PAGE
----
Sec. 97. Respective Rights Of Brokers When Several Are Employed

The owner may employ as many brokers as he pleases,5 and he is liable for commissions only to the one who effects the sale.

Hobbs v. Edgar, 23 Misc. 618 (N. T. 1898).

4 See also Branch v. Moore, 105 S. W. 1178 (Ark. 1907).

5 See Sec. 237 infra.

Where there are two brokers, the one who first calls the customer's attention to the property is not necessarily entitled to the commissions. If the other broker in good faith and without collusion consummates the sale, he is entitled to the commission.6 " Unless he specially agrees not to do so, an owner may employ two or more brokers. In such case it is the broker who is the efficient cause of the sale who is entitled to commissions, and this right is not affected by the fact that such broker sells to one whose attention to the property had before been called by another broker. It is not the broker who first speaks of the property, but he who is the procuring cause of the sale, be he the first or second to engage the attention of the purchaser.7 The party selling, where several brokers have been employed, may in the absence of all collusion on his part, pay to the agent through whose instrumentality the sale was brought about, without inquiry as to whether some other broker may not have had something to do with effecting the sale." 8

"Whatever may be the rights of a real estate broker who takes a customer away from another broker and closes a sale between such customer and the owner, if done without the aid or connivance of the owner, yet if the owner, with knowledge of the facts, deals with the customer of the first broker, even through another agent, he will be liable to the first broker."9 Where two brokers are apparently working on the same purchaser, the one who first brings the purchaser up to the terms of the employer is entitled to the commissions.10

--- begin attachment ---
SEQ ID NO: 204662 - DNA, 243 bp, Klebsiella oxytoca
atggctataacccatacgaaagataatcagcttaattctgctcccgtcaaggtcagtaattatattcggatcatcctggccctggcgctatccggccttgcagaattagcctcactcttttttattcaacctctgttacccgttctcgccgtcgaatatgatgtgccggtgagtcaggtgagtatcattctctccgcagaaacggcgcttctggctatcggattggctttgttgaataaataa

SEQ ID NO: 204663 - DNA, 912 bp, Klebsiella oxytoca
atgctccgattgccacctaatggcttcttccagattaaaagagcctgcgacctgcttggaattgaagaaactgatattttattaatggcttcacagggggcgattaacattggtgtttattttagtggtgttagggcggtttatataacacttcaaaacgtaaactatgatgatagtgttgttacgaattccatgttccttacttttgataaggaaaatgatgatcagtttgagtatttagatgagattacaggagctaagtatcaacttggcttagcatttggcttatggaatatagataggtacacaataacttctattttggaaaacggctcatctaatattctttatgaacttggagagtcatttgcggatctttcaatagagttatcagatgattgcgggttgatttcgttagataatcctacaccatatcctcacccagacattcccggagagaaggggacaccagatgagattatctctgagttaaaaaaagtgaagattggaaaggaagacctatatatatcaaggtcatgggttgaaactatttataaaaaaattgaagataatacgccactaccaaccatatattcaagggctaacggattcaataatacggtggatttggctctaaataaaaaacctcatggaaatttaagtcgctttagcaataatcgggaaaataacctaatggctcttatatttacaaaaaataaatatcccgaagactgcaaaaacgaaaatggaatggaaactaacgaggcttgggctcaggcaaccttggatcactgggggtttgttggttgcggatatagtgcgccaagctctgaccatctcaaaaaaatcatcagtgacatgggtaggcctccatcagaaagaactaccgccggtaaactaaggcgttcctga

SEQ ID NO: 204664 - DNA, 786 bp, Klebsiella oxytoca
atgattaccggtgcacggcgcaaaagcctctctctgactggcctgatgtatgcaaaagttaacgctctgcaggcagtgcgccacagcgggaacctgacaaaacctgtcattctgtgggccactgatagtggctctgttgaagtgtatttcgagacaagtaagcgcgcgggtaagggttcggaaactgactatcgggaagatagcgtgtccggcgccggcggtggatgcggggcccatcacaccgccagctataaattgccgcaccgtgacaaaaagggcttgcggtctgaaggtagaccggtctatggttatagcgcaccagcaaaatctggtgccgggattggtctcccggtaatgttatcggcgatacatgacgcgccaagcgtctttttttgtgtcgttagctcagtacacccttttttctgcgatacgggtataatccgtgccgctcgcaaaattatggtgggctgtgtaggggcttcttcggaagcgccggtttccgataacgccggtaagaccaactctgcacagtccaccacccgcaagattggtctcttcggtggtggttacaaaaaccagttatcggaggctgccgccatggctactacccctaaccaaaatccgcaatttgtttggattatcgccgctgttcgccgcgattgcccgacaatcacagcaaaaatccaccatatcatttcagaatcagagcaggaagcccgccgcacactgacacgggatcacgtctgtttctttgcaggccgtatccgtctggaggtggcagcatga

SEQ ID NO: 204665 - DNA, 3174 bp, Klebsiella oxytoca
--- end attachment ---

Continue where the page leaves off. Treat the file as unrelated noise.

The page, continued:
In Jennings v. Trammer, 96 Pac. 874, (Ore. 1908), the court quotes from Tinsley v. Scott, 69 III. App. 352,

6 Martin v. Rillings. 2 N. Y. City Ct. Rep. 86 (1884); McCloskey v. Thompson, 26 Misc. 735 (N. Y. 1899).

7 Citing Mechem on Agency, Sec. 969; Vreeland v. Vetterlein, 33 N. J. L. 247; Sib-bald v. The Bethlehem Iron Co., 83 N. Y. 378.

8 Patten v. Willis, 134 111. App. 651, 652 (1907). quoting from McGuire v. Carlson, 61 111. App. 295. See Sec. 338-346 infra.

9 Jennings v. Trnmmer, 96 Pac. 874 (Ore. 1908).

10 Freedman v. Havenmeyer, 37 App. Div. 518 (N. Y. 1899); Hennings v. Parsons, 108 Va. 3 (1908).

355: "Of several independent brokers under such employment at the same time, the one who first so sells is entitled to the commission. No express contract to that effect is required to give him that right. But, to be a producer, the party presented must be a client or a customer of his own, and not one then sustaining that relation to another broker under like employment. If he was first in negotiation with such other, he continues to sustain that relation to him until it is expressly broken off, or the matter of the purchase has ceased to be held by him under consideration. The employer, with notice of the pendency of such negotiation, cannot escape liability to the broker for his commission by selling to his customer through another, even though he first discharges the former if he does so without giving him a reasonable time, to effect the sale."11 "Where two brokers are employed, the one effects the sale who brings the minds of the parties to meet."12